Sudan and South Sudan strike oil deal —but border disputes remain

South Sudan and Sudan announced Aug. 4 they have reached a deal over the south’s use of Khartoum’s oil pipelines and distribution of oil revenues—potentially ending a dispute that prompted South Sudan to shut down its oil production in January and nearly led to war. Under the deal reached at talks in Addis Ababa, South Sudan will pay $9.48 per barrel to use one of Sudan’s pipelines to export crude, and $11 to use a second leading to a refinery before reaching a sea terminal. Khartoum had originally demanded $36 per barrel. “This agreement opens the door to a future of greater prosperity for the people of both countries,” US President Barack Obama said in a statement released by the White House. But the agreement is not to take effect until details on guaranteeing border security are hashed out, and the status of the disputed enclave of Abyei resolved. (AP, Reuters, BBC World Service, Aug. 4)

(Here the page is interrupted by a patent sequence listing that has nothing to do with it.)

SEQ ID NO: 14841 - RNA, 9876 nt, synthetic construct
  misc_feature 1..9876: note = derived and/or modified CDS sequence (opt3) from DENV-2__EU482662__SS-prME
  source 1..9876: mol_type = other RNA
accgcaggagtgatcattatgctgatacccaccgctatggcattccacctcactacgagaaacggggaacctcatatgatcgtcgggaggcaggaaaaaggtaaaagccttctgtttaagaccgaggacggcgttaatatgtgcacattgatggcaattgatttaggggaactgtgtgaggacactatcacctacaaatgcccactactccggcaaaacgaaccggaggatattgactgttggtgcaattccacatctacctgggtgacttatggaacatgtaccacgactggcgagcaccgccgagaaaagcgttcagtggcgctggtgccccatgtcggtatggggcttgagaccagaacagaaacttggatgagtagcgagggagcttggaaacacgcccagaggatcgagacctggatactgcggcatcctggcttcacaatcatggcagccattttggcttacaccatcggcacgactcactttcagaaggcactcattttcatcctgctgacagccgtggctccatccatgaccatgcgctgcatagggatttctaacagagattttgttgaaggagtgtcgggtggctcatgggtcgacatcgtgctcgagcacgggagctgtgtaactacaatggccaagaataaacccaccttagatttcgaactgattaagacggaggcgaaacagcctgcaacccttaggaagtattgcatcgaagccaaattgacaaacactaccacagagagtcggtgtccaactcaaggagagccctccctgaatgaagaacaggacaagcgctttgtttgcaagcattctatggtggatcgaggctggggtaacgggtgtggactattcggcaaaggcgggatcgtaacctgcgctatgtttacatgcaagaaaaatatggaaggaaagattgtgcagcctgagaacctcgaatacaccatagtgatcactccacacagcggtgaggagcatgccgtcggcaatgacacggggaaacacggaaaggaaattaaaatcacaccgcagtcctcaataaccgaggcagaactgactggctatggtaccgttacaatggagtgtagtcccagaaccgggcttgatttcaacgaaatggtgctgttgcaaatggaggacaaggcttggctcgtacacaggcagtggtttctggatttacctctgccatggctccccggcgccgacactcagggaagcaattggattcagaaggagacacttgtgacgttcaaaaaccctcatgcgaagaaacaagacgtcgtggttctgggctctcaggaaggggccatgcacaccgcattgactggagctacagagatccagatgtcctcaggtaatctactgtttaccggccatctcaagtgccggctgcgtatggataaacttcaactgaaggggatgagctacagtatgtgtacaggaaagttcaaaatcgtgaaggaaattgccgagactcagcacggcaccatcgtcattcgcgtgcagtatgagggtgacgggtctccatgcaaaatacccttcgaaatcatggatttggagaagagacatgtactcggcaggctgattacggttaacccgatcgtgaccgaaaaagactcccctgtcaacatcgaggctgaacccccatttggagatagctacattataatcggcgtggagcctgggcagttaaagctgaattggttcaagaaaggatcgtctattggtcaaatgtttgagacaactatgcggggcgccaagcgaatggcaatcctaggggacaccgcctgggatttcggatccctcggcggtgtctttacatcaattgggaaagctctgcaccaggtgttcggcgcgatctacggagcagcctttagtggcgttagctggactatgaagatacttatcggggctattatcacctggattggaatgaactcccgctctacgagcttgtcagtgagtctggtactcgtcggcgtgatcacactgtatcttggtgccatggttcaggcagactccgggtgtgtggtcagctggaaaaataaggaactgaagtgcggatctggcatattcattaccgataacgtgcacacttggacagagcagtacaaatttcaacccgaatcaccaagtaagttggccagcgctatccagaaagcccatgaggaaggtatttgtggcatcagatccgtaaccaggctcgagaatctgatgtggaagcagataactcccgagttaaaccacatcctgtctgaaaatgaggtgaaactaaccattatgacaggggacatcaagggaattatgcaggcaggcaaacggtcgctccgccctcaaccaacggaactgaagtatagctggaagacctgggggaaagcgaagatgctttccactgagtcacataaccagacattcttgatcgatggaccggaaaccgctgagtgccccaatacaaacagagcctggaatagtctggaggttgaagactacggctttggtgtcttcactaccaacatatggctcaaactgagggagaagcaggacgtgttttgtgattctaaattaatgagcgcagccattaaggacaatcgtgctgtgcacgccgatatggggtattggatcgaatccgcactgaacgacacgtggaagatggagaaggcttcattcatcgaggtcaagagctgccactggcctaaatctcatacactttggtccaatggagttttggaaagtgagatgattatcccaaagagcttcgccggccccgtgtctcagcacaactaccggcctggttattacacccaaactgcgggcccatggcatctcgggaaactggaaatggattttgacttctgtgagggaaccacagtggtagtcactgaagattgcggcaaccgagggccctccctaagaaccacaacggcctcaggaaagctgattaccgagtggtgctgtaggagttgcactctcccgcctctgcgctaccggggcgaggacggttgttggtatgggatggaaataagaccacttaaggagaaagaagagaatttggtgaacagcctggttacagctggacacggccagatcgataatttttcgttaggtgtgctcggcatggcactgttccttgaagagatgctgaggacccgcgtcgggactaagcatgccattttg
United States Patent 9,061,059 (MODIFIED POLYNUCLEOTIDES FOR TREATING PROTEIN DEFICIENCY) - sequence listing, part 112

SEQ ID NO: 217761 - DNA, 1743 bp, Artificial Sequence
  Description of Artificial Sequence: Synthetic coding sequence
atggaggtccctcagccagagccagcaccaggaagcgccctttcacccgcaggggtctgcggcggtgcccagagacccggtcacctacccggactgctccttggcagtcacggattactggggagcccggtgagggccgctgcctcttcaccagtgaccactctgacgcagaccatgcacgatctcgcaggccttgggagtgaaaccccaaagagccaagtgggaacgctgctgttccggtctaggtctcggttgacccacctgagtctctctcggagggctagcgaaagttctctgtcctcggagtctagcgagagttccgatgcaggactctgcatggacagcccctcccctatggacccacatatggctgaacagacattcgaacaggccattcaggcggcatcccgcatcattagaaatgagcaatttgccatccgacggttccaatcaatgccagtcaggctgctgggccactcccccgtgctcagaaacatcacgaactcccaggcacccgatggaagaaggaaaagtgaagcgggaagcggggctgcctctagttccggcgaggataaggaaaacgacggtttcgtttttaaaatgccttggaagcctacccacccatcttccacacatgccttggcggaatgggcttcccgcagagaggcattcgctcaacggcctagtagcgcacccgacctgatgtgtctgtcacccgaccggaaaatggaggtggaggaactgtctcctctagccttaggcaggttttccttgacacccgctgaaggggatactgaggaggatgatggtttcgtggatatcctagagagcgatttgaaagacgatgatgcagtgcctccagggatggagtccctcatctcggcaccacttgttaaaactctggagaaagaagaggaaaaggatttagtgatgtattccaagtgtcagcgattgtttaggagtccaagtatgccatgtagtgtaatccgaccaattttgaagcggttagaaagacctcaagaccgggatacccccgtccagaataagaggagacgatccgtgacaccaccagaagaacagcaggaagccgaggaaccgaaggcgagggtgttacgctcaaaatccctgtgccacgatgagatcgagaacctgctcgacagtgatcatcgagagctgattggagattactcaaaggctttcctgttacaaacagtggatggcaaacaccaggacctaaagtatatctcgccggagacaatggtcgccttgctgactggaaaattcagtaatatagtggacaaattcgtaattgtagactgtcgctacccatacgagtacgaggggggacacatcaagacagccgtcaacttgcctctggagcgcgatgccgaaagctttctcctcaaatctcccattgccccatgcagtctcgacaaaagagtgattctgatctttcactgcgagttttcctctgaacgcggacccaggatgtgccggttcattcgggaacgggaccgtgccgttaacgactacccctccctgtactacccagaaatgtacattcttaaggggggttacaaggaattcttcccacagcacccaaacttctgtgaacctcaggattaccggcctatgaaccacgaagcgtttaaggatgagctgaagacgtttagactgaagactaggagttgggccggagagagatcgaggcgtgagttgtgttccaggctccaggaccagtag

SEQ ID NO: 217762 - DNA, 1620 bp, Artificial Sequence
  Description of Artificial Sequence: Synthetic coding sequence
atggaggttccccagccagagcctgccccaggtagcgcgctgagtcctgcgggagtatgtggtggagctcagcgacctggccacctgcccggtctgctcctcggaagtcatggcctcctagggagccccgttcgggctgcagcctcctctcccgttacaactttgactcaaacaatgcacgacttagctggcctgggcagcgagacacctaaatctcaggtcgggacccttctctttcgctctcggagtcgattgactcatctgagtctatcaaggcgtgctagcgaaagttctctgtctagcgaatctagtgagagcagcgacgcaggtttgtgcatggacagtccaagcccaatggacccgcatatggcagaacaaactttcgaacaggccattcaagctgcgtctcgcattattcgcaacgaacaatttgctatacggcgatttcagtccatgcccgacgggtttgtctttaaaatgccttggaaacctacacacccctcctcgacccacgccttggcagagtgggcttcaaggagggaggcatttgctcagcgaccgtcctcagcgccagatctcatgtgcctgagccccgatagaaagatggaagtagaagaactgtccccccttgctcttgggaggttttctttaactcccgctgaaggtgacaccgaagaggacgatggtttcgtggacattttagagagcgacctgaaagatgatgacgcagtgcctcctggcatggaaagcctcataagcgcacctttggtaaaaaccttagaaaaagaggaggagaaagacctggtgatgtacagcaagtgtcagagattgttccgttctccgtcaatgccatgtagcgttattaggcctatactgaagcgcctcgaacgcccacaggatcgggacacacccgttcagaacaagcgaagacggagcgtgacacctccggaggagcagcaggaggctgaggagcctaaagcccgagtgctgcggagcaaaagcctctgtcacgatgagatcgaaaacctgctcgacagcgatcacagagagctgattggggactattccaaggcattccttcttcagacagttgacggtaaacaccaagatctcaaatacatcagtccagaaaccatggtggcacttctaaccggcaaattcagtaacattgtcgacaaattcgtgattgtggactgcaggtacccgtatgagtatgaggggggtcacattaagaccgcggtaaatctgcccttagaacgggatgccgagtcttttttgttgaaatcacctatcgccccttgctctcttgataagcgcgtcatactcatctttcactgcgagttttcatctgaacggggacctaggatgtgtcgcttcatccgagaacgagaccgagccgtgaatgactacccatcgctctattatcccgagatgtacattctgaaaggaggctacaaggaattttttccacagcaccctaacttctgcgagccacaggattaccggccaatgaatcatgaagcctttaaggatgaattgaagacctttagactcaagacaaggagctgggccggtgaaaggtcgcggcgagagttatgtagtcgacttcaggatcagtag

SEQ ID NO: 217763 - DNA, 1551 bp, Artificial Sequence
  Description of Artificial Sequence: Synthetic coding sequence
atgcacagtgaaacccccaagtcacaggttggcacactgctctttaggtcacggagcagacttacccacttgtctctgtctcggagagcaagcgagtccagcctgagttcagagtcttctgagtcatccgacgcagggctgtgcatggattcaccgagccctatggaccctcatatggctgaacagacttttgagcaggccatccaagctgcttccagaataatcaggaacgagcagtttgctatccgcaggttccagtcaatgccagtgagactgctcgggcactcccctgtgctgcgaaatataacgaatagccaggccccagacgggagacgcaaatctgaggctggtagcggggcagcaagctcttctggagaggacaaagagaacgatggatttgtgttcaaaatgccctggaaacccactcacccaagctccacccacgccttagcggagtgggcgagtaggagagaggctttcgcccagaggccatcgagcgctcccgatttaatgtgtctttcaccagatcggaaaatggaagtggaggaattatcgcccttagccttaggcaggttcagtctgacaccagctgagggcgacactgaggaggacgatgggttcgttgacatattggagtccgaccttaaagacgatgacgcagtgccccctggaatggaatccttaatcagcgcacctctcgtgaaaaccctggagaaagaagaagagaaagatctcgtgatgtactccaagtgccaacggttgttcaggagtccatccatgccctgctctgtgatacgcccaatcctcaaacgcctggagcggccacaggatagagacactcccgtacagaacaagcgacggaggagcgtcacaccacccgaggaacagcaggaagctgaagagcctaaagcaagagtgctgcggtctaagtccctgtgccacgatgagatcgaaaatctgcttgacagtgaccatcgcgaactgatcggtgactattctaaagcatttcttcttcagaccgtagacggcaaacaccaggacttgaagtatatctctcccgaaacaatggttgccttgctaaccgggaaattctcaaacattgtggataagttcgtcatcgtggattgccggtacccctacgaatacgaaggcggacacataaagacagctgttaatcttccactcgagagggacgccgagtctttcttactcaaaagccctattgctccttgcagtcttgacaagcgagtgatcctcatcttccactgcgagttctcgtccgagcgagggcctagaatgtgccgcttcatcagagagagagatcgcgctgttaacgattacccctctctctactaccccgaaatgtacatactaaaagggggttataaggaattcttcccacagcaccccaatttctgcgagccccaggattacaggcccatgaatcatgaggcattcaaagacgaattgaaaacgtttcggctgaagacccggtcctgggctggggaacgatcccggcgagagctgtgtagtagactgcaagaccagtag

As the deal was reached in Addis Ababa, Sudan’s President Omar Bashir (still wanted by the International Criminal Court) returned from a visit to Qatar, where he held talks with leaders of the emirate on oil investment. (Radio Dabanga, Aug. 4 via AllAfrica)

In another sign of de-escalation, the African Union announced the signing of an agreement with Sudanese government and Sudan People’s Liberation Movement-North (SPLM-N) over humanitarian access to rebel-held areas of South Kordofan state. (Sudan Tribune, Aug. 4)